3. 1. Jackson
        2…… I don’t like the union
        3. Hmm modern technology? It’s such a great way to spread the gospel and stay in touch with Brothers and sisters in the Lord.

        Liked by 1 person

      4. Ooh! Good answers! Haha! Answer number two is so me, except I get chewed out about it. There were some good Union Generals…Some.
        Answer Number three is very interesting. I must say I would have a hard time answering my own question! XD

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    1. Oh, that’s neat! Okay, so this question might be a bit odd, but would you be interested in reading my book I’ve written? I’m trying to get some guys to read it, but most guys don’t want to. It’s fine if you can’t. Just thought I’d ask.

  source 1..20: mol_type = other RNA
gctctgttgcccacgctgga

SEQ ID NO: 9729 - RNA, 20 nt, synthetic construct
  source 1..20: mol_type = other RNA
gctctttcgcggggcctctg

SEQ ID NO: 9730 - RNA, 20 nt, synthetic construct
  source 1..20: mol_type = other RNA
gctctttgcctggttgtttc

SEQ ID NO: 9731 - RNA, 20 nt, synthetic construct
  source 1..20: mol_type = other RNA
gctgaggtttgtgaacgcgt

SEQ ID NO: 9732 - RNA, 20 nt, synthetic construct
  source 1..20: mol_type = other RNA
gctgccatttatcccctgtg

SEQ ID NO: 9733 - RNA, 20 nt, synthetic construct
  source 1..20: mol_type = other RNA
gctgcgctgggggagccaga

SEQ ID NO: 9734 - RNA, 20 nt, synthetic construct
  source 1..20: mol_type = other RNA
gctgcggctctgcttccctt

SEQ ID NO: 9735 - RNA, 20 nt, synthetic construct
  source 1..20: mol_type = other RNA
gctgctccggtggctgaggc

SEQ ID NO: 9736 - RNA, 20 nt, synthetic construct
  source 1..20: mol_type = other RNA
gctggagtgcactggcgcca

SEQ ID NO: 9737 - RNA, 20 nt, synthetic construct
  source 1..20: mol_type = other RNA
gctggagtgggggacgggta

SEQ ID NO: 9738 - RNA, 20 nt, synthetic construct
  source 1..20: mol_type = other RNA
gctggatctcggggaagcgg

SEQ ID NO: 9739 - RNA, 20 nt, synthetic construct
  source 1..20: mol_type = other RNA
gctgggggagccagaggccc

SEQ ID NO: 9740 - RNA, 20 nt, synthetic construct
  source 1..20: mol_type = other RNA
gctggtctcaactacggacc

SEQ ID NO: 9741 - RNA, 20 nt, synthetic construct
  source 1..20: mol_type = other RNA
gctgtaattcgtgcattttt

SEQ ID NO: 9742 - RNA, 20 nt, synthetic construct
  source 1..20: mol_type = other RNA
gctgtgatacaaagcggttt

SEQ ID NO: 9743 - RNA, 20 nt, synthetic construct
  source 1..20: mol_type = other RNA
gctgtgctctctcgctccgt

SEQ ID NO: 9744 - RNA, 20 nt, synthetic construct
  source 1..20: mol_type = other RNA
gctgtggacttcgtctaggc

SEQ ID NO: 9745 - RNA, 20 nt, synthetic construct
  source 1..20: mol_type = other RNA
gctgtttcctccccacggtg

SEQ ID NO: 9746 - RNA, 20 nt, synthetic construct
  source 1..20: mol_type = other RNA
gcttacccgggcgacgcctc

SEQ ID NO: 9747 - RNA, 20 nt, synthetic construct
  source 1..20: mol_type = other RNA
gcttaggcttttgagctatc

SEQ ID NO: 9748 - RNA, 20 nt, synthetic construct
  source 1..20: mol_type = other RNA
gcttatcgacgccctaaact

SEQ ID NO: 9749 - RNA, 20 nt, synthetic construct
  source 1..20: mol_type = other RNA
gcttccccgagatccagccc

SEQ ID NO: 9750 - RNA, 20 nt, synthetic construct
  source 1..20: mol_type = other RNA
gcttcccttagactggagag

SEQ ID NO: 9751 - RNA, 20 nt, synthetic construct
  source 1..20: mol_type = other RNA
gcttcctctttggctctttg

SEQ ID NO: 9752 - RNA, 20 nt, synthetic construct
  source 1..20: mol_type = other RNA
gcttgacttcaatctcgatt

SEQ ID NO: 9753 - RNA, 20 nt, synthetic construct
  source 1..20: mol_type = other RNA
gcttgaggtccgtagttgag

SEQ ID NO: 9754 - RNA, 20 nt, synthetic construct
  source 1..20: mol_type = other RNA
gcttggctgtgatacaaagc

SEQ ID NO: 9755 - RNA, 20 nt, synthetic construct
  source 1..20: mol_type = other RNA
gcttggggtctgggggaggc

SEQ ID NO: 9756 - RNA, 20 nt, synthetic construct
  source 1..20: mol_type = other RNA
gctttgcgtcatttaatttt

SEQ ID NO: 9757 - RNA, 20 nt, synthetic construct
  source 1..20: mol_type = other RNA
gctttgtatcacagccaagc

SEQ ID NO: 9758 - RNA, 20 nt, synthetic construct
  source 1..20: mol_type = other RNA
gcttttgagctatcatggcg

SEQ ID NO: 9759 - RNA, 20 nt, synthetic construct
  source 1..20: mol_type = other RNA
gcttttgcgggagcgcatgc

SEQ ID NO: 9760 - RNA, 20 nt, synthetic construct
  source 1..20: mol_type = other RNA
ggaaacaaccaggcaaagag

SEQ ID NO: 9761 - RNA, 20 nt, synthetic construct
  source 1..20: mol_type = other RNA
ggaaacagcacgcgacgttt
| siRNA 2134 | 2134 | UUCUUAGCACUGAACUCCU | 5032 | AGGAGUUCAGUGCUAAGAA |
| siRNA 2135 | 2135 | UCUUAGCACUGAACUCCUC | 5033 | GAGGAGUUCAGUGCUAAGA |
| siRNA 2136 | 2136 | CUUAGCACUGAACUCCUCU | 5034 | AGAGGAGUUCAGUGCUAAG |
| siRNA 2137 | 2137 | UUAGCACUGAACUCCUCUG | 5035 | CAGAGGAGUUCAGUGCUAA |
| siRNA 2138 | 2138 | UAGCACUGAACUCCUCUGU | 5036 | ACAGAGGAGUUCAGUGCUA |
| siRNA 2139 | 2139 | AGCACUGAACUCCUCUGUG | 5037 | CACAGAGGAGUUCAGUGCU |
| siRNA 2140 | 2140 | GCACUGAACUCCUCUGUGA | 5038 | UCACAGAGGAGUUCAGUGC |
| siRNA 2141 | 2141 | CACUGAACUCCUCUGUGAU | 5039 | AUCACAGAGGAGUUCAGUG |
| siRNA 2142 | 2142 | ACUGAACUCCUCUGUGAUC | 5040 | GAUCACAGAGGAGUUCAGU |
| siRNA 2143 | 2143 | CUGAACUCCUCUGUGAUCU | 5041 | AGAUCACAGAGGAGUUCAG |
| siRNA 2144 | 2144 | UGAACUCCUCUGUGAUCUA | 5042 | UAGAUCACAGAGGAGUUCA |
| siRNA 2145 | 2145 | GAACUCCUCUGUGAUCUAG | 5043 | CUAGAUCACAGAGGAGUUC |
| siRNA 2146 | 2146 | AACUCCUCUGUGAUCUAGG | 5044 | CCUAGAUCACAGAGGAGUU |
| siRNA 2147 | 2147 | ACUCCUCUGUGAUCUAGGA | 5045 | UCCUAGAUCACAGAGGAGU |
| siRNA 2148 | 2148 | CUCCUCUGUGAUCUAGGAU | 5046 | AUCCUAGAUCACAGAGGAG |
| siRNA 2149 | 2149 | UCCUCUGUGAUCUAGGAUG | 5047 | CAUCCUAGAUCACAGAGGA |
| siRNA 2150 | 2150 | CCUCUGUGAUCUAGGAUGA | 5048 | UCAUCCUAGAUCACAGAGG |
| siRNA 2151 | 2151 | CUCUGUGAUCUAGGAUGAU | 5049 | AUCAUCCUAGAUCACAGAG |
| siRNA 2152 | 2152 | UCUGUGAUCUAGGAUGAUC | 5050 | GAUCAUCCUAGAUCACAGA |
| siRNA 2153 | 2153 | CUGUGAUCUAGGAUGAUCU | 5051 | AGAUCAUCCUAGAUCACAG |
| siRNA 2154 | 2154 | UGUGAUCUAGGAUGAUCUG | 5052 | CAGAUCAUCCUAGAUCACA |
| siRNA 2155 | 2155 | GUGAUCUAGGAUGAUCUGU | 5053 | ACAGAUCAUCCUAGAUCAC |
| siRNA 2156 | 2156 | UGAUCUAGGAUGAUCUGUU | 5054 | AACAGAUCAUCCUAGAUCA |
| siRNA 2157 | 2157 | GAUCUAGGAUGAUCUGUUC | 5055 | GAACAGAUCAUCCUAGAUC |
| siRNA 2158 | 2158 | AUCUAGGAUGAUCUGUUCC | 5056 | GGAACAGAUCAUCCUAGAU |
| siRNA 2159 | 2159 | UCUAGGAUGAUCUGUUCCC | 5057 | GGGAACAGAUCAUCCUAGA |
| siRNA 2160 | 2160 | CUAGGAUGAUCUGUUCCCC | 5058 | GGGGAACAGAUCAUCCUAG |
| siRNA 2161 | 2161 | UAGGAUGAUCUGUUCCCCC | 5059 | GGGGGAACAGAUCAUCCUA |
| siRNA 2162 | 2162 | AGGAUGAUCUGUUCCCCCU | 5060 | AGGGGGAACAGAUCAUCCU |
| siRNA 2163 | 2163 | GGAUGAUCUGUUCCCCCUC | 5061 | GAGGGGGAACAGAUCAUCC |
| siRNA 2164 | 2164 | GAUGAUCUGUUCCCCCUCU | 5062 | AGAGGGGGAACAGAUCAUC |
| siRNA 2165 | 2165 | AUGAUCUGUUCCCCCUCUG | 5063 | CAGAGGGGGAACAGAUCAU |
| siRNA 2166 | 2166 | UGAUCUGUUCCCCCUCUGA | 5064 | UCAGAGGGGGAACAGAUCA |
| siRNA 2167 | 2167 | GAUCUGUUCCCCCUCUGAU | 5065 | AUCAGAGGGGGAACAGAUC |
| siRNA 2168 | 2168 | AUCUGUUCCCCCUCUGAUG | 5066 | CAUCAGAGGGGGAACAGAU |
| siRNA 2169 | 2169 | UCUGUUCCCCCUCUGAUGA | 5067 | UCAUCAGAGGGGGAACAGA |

Liked by 1 person

      1. I’m a very fast reader. If you want to know how long it takes for an average person to read you can’t ask me. I just read the second chapter. You do great on personalities. The ending is very intriguing. I have to read the next.

        Liked by 1 person

      2. Haha! I’m a fast reader too, but I’ve been told that by everyone, so I’m used to waiting at least three days for someone to get back to me on my book. I like fast readers. That means I get fast results.

        Liked by 1 person

  7. All the history was super interesting, I’m kinda a history liking person, lol! Haha, you risked your life to get coffee at 10 at night? Sounds scary. 😛 Hehe! Hedgecock is such a cutie, I’m glad Snowball has a friend to chill with now! I haven’t been to Nashville but totally want to, even though I live like a million miles away… 😦